One of the world’s leading experts on Rembrandt has asked London’s National Gallery to reconsider a decades-old decision that Old Man in an Armchair (1652) is not by the Dutch master, according to the Guardian. The work was purchased by the National Gallery in 1957. Twelve years later, experts at the museum decided that it was not by Rembrandt himself but by a so-called follower.
However, after seeing the work three years ago, Ernst van de Wetering, the long time director of the Rembrandt Research Project, became convinced that his colleagues got it very wrong. Not only is Van de Wetering convinced that Old Man in an Armchair is a genuine Rembrandt, but also that it is a pivotal work. “It is of wonderful quality and is revolutionary in a sense,” Ernst van de Wetering told the Guardian. “It is a very important painting.”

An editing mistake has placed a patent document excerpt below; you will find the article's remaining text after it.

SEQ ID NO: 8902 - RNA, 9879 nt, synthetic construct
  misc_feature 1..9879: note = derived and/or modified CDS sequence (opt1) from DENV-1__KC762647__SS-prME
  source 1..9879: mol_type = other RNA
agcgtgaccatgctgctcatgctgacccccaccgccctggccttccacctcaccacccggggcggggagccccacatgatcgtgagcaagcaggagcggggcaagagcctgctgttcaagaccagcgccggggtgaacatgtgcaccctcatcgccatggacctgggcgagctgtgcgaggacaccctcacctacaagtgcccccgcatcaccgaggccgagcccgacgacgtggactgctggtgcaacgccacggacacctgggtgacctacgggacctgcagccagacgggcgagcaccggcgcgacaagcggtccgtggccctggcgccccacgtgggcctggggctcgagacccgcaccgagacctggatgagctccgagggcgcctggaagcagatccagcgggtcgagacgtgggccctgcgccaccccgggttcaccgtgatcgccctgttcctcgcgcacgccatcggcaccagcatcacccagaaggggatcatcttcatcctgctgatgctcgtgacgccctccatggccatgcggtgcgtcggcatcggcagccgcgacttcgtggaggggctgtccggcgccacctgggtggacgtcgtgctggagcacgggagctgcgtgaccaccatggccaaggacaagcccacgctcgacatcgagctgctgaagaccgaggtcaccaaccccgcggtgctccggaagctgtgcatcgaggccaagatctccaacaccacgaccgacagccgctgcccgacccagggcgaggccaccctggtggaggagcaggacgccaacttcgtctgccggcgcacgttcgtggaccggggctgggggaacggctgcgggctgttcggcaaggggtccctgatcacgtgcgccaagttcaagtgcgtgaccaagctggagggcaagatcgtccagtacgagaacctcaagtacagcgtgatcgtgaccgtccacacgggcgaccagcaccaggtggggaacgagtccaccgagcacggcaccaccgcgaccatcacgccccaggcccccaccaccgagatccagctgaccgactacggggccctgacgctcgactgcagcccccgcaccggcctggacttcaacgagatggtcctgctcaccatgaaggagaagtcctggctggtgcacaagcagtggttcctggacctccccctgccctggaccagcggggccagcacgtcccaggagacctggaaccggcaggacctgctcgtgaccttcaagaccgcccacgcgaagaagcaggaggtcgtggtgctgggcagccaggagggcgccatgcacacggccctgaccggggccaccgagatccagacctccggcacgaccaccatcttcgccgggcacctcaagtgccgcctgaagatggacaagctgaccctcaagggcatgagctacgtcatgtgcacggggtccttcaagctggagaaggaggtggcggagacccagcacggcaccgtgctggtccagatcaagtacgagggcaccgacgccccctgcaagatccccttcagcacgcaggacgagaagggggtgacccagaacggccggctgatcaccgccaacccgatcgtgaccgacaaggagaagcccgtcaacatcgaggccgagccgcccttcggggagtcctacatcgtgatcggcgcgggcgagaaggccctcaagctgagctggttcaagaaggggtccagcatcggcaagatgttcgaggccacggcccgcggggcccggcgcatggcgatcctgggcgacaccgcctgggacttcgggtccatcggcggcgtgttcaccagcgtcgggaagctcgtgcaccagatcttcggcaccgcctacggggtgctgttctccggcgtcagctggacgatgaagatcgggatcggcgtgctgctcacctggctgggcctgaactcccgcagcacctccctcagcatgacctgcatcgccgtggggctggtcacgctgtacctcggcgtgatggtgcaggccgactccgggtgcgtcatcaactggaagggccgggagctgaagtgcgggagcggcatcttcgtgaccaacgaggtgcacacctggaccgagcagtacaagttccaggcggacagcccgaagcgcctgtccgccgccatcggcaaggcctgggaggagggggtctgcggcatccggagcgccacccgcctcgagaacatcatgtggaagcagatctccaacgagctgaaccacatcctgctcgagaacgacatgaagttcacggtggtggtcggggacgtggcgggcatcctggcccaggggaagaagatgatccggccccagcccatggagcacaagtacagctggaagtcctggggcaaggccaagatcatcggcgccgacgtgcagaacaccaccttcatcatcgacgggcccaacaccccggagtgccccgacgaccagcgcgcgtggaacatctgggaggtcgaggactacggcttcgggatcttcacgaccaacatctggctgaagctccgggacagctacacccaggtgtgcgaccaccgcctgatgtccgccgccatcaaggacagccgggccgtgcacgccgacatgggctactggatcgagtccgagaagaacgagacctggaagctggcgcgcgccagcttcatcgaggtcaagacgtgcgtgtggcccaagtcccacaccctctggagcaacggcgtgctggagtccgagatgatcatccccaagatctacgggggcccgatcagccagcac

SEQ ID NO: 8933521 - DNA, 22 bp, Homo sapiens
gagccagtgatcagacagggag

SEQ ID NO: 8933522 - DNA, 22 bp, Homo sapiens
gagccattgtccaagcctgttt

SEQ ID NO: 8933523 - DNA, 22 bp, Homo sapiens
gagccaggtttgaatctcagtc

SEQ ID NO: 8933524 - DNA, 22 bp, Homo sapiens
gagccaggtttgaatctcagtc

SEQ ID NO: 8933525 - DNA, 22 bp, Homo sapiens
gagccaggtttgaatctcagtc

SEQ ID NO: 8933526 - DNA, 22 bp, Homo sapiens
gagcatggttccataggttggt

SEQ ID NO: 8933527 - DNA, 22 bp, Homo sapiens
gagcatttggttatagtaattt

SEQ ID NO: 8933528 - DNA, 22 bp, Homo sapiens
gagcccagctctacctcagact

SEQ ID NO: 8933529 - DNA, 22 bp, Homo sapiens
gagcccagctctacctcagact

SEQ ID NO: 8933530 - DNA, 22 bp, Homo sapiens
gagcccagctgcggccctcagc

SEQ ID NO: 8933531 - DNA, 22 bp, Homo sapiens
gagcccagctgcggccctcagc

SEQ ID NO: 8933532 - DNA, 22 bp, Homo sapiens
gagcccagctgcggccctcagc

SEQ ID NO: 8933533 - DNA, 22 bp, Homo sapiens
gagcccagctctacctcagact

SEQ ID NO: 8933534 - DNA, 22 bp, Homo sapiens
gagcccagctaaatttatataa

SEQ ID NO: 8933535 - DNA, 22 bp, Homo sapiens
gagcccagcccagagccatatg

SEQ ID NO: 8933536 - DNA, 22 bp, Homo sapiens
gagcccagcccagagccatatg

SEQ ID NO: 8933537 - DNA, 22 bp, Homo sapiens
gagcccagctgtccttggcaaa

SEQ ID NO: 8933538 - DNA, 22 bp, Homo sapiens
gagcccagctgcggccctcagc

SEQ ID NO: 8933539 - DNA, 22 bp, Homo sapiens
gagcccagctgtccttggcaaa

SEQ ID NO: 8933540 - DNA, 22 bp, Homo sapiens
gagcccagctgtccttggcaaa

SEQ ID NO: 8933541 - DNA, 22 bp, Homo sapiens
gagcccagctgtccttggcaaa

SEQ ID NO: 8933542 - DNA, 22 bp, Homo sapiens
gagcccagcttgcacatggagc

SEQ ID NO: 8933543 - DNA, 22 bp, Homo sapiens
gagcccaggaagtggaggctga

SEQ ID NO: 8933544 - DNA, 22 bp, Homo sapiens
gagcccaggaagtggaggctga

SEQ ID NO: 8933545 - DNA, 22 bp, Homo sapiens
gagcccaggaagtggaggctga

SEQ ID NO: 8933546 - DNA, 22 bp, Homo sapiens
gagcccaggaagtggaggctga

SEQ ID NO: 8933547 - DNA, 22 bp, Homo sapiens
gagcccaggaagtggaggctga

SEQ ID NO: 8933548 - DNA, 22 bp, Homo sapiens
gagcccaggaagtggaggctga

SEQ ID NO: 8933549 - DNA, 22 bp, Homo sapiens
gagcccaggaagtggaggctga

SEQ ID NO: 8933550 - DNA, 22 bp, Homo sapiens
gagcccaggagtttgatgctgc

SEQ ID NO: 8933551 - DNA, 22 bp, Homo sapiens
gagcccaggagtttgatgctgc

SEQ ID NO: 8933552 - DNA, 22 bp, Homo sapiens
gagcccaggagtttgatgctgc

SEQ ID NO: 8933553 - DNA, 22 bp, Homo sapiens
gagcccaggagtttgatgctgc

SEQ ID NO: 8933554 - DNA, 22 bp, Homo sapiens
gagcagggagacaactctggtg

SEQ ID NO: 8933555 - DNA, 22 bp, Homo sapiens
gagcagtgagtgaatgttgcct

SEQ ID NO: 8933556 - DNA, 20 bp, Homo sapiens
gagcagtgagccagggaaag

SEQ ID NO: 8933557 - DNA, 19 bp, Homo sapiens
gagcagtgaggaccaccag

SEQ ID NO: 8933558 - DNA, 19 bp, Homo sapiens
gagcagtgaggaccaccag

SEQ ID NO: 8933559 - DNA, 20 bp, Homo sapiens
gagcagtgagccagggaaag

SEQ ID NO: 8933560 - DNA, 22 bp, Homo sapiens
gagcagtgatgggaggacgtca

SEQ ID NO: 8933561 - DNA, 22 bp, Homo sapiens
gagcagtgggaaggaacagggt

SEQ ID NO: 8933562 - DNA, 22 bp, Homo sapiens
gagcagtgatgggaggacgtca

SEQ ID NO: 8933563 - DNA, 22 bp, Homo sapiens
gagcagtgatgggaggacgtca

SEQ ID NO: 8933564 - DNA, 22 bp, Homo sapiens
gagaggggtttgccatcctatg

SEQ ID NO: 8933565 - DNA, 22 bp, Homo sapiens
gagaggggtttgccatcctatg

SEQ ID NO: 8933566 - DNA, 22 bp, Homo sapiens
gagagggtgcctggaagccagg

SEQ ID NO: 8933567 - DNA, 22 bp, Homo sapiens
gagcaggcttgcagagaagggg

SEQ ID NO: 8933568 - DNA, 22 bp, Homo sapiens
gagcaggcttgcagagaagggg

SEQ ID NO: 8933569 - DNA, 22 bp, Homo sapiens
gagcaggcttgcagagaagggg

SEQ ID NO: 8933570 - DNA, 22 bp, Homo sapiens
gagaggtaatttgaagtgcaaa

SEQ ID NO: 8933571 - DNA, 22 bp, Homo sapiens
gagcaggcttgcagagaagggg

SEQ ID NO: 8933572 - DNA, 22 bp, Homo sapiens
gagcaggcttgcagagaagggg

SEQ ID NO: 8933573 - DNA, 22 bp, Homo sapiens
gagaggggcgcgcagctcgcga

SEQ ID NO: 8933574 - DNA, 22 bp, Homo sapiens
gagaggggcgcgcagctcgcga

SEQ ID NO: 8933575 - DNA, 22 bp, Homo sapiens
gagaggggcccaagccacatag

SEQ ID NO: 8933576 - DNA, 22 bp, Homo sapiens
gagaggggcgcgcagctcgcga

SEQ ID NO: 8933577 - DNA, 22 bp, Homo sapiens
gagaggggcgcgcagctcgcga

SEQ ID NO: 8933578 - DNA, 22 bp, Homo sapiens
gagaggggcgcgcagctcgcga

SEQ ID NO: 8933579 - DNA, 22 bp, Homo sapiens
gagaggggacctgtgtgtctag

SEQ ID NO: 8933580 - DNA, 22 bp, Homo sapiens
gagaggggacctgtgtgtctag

He claims that variations in the painting that the National Gallery staff cited in discrediting the work should, in fact, be seen within the context of Rembrandt’s experimentation at the time. He says this period started in 1651, one year before Old Man in an Armchair was created. Van de Wetering is nearly giddy in his excitement about the picture, “This is a man posing to be studied…it is a painting about painting.”
A spokeswoman for the National Gallery was rather more blasé in her comment: “Old Man in an Armchair is a picture that has generated much debate over the years—as many Rembrandts do—and we look forward to further discussions concerning its attribution.”
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